In the description of a Software it says that it computes the net rainfall, runoff formation and runoffconcentration on a surface hydrologically. With an extra module, the runoff formation can also be computed hydrodynamically.

What is the difference? How does both work, roughly speaking?

  • $\begingroup$ Which software? Doesn't it have a reference documentation (print or online) describing the different options? (I don't mean RTFM, I'm just curious) $\endgroup$ Dec 26 '19 at 14:15

The word "hydrological" is meant to indicate that the model only includes a sort of bulk description of the water: where it is, how much is there, and where it flows. It generally only includes length and time scales of interest to the system in question. So, for ground water models, this may be tens of meters and longer in horizontal direction, and hours and longer in time.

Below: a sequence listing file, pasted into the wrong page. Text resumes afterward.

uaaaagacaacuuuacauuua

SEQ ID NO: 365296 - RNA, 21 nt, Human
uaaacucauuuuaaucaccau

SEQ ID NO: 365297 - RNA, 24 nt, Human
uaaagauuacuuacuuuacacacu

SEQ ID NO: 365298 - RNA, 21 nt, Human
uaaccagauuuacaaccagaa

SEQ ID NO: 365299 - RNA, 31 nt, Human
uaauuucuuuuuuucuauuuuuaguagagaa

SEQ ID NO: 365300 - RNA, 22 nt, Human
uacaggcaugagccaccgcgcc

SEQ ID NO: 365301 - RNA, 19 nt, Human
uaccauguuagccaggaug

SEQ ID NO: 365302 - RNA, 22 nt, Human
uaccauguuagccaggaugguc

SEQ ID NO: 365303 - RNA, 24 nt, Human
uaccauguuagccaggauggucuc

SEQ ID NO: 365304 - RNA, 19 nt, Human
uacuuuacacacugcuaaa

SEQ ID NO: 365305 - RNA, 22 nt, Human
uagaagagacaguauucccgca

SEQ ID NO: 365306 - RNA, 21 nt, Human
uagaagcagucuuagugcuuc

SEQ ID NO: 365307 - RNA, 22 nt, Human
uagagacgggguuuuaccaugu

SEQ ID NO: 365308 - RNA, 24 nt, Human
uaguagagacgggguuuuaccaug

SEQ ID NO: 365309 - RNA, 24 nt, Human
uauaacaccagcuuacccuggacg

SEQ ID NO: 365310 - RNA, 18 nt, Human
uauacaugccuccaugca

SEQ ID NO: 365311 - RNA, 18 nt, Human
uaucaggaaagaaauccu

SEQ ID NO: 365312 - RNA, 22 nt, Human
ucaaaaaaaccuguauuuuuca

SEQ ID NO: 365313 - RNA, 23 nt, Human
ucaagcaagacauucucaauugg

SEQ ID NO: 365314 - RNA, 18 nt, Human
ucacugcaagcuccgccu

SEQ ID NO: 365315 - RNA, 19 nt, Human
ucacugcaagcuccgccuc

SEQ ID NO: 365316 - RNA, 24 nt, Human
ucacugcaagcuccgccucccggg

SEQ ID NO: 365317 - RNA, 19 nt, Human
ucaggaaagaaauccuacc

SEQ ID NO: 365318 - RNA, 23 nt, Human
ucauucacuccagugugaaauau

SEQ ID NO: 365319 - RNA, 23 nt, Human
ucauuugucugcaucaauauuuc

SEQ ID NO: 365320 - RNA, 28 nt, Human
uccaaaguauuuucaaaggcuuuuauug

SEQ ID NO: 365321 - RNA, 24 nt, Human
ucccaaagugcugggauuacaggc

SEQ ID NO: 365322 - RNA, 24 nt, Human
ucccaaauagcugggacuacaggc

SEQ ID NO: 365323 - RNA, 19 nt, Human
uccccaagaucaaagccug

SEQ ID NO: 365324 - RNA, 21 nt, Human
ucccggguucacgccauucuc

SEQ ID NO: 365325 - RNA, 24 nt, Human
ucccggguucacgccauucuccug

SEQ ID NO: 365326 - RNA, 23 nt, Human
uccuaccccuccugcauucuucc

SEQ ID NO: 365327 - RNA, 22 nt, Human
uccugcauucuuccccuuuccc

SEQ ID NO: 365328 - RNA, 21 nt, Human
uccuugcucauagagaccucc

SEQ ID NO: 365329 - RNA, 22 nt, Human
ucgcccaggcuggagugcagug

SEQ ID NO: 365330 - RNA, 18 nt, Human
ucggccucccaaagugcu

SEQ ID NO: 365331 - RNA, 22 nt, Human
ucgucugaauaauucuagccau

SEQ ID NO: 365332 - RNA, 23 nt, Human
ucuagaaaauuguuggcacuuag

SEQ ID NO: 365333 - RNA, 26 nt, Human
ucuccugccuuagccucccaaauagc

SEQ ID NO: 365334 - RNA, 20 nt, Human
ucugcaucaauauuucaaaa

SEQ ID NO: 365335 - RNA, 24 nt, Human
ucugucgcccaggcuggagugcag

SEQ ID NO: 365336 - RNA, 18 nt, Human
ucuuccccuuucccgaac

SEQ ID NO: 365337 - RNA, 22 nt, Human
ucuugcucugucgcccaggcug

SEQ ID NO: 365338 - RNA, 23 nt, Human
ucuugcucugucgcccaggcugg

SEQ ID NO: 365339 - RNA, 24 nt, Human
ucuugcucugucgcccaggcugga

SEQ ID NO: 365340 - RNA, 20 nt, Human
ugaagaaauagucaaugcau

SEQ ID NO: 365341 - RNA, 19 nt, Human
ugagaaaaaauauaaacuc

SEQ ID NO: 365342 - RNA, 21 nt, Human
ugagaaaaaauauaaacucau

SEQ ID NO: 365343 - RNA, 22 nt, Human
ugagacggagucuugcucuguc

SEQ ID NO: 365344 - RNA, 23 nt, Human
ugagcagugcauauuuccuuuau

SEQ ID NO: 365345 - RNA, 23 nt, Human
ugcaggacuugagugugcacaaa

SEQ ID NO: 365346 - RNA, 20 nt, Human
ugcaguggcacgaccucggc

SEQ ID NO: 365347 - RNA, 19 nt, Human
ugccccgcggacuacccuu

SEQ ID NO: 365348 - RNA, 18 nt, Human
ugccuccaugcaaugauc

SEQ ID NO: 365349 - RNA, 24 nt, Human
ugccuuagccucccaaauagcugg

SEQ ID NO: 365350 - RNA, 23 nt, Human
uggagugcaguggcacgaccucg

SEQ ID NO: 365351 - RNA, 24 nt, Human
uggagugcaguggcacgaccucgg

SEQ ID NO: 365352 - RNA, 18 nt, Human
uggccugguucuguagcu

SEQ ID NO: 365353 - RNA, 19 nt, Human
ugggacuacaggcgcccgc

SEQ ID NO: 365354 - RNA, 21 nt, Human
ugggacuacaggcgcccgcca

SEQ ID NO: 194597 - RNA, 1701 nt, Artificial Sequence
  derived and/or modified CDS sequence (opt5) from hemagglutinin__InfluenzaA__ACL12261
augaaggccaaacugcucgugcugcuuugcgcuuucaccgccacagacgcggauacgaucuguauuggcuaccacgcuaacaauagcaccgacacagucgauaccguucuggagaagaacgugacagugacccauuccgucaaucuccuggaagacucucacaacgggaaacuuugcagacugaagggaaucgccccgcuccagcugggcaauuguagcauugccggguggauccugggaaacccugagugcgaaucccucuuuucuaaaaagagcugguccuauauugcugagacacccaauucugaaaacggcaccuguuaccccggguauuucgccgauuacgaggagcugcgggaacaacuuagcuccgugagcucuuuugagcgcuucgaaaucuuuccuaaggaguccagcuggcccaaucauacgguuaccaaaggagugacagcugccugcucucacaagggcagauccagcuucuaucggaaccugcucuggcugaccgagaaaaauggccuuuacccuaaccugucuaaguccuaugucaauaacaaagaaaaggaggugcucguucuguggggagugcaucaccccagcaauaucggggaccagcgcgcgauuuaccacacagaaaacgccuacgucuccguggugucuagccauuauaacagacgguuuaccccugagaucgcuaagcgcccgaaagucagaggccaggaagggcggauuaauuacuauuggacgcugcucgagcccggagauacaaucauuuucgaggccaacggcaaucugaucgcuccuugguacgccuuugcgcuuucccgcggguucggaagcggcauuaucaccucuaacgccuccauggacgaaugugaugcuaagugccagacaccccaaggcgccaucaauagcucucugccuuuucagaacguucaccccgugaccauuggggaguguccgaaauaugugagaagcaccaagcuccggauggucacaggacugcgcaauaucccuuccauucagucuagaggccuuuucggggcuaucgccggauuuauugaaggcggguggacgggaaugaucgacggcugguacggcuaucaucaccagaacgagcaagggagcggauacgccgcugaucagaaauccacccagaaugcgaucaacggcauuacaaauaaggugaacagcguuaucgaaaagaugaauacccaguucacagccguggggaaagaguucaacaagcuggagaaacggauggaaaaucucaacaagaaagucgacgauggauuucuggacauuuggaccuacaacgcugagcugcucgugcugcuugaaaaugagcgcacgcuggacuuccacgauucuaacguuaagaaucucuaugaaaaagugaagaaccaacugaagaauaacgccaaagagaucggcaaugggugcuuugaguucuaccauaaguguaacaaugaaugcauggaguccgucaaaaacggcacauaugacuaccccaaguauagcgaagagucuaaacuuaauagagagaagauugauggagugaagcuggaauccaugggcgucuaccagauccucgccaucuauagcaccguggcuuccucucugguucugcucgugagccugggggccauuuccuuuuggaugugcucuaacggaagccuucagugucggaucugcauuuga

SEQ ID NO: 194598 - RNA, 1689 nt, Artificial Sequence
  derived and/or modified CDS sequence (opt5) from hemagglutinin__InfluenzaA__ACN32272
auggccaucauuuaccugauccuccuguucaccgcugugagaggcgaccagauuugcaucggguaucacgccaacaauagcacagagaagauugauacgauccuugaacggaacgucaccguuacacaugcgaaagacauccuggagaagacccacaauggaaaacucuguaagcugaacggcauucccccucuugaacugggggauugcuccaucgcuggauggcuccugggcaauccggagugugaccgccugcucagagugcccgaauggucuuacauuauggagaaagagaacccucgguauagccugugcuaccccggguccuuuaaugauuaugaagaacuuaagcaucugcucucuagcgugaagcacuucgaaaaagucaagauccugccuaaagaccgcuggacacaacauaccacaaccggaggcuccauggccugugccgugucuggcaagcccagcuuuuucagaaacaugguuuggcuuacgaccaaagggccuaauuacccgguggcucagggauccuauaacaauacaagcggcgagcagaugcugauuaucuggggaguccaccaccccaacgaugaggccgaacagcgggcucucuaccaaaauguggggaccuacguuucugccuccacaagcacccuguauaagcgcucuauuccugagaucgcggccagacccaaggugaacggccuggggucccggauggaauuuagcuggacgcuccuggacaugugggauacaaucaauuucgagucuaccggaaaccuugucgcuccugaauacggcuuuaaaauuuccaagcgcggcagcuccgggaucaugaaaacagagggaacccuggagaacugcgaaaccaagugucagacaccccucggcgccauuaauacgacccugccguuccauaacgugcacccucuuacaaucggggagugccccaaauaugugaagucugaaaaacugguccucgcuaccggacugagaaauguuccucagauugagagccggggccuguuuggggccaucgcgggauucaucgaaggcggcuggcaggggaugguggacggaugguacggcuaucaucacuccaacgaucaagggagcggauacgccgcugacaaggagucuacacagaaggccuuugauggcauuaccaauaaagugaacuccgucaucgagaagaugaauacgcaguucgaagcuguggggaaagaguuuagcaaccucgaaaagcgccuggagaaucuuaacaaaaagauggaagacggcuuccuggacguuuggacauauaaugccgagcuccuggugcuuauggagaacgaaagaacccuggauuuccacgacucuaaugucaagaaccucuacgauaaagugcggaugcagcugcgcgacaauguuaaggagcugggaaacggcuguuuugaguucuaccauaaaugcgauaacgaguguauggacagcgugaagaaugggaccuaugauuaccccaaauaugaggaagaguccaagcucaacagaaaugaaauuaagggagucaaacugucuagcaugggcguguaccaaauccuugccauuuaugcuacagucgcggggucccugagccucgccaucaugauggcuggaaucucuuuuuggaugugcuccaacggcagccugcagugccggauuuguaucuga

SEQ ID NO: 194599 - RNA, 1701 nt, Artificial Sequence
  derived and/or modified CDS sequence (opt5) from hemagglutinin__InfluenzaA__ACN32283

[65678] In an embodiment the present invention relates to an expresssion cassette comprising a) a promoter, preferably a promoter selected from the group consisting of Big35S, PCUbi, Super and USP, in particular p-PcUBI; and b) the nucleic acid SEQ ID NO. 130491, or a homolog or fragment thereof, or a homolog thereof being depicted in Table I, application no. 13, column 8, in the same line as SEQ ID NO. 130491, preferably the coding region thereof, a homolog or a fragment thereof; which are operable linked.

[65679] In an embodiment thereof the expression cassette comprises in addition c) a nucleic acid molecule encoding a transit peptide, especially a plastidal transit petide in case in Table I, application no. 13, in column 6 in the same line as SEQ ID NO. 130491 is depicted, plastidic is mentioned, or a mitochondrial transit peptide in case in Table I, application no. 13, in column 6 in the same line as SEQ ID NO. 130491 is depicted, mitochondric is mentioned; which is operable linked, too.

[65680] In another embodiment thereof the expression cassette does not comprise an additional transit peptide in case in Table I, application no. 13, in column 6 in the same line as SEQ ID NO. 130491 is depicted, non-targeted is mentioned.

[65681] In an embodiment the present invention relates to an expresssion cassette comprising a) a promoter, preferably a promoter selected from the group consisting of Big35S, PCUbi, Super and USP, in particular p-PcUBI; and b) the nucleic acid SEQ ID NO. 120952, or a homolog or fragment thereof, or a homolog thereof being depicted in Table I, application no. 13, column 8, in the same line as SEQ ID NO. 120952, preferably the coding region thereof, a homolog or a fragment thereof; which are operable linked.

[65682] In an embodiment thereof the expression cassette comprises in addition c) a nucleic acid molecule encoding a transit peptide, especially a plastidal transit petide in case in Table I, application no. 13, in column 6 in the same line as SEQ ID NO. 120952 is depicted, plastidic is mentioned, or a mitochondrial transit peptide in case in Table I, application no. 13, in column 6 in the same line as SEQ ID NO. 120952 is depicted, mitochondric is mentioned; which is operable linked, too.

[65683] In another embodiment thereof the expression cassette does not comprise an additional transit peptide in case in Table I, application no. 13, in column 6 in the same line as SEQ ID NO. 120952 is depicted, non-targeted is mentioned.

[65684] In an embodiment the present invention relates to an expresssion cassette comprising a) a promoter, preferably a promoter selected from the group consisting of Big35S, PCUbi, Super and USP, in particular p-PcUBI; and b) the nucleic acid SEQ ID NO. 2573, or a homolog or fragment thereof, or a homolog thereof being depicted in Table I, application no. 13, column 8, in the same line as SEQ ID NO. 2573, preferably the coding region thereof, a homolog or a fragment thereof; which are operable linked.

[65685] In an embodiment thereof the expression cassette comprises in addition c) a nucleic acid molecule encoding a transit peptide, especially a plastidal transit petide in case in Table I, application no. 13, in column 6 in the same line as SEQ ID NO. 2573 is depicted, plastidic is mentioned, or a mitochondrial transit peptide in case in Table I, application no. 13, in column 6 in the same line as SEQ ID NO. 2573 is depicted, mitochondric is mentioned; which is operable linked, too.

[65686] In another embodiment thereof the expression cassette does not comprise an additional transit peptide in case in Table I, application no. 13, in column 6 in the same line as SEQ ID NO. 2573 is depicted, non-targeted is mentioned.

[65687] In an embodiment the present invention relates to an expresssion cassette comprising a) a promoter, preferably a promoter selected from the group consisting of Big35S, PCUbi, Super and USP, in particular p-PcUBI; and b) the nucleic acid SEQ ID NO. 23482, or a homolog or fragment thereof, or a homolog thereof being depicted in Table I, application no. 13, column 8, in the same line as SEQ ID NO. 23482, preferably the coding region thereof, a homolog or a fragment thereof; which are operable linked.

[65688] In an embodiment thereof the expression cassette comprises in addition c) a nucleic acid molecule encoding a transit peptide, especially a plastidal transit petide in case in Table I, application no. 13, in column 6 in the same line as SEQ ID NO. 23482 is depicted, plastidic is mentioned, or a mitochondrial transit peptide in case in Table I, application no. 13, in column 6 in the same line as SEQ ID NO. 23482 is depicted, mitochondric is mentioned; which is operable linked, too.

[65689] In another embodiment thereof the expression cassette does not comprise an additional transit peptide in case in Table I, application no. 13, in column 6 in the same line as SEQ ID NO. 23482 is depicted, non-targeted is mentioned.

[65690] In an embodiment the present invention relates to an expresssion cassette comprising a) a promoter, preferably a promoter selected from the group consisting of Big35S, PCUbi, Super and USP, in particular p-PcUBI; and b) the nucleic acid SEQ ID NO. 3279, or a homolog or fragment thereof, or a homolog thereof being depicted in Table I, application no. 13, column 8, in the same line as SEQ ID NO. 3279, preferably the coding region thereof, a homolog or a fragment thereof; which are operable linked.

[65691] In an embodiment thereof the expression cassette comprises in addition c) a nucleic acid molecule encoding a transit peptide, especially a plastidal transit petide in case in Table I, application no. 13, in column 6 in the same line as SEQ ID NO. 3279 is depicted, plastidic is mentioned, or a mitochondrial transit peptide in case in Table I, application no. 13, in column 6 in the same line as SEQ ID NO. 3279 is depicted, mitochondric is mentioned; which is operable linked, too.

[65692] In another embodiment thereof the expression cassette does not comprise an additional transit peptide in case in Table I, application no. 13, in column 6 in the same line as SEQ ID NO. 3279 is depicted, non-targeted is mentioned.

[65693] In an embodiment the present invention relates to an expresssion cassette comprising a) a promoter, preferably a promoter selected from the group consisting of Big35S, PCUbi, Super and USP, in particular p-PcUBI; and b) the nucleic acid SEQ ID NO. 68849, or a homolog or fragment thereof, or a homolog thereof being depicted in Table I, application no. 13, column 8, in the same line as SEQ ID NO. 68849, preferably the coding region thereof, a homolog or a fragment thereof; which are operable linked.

On the other hand, "hydrodynamic" is generally understood to resolve the governing equations for water flow, i.e., the Navier-Stokes equations (possibly posed in a porous medium). This must then deal with the length and time scales of eddies, which are substantially smaller and shorter than the ones above, and consequently requires a lot more computational power.


Your Answer

By clicking “Post Your Answer”, you agree to our terms of service, privacy policy and cookie policy

Not the answer you're looking for? Browse other questions tagged or ask your own question.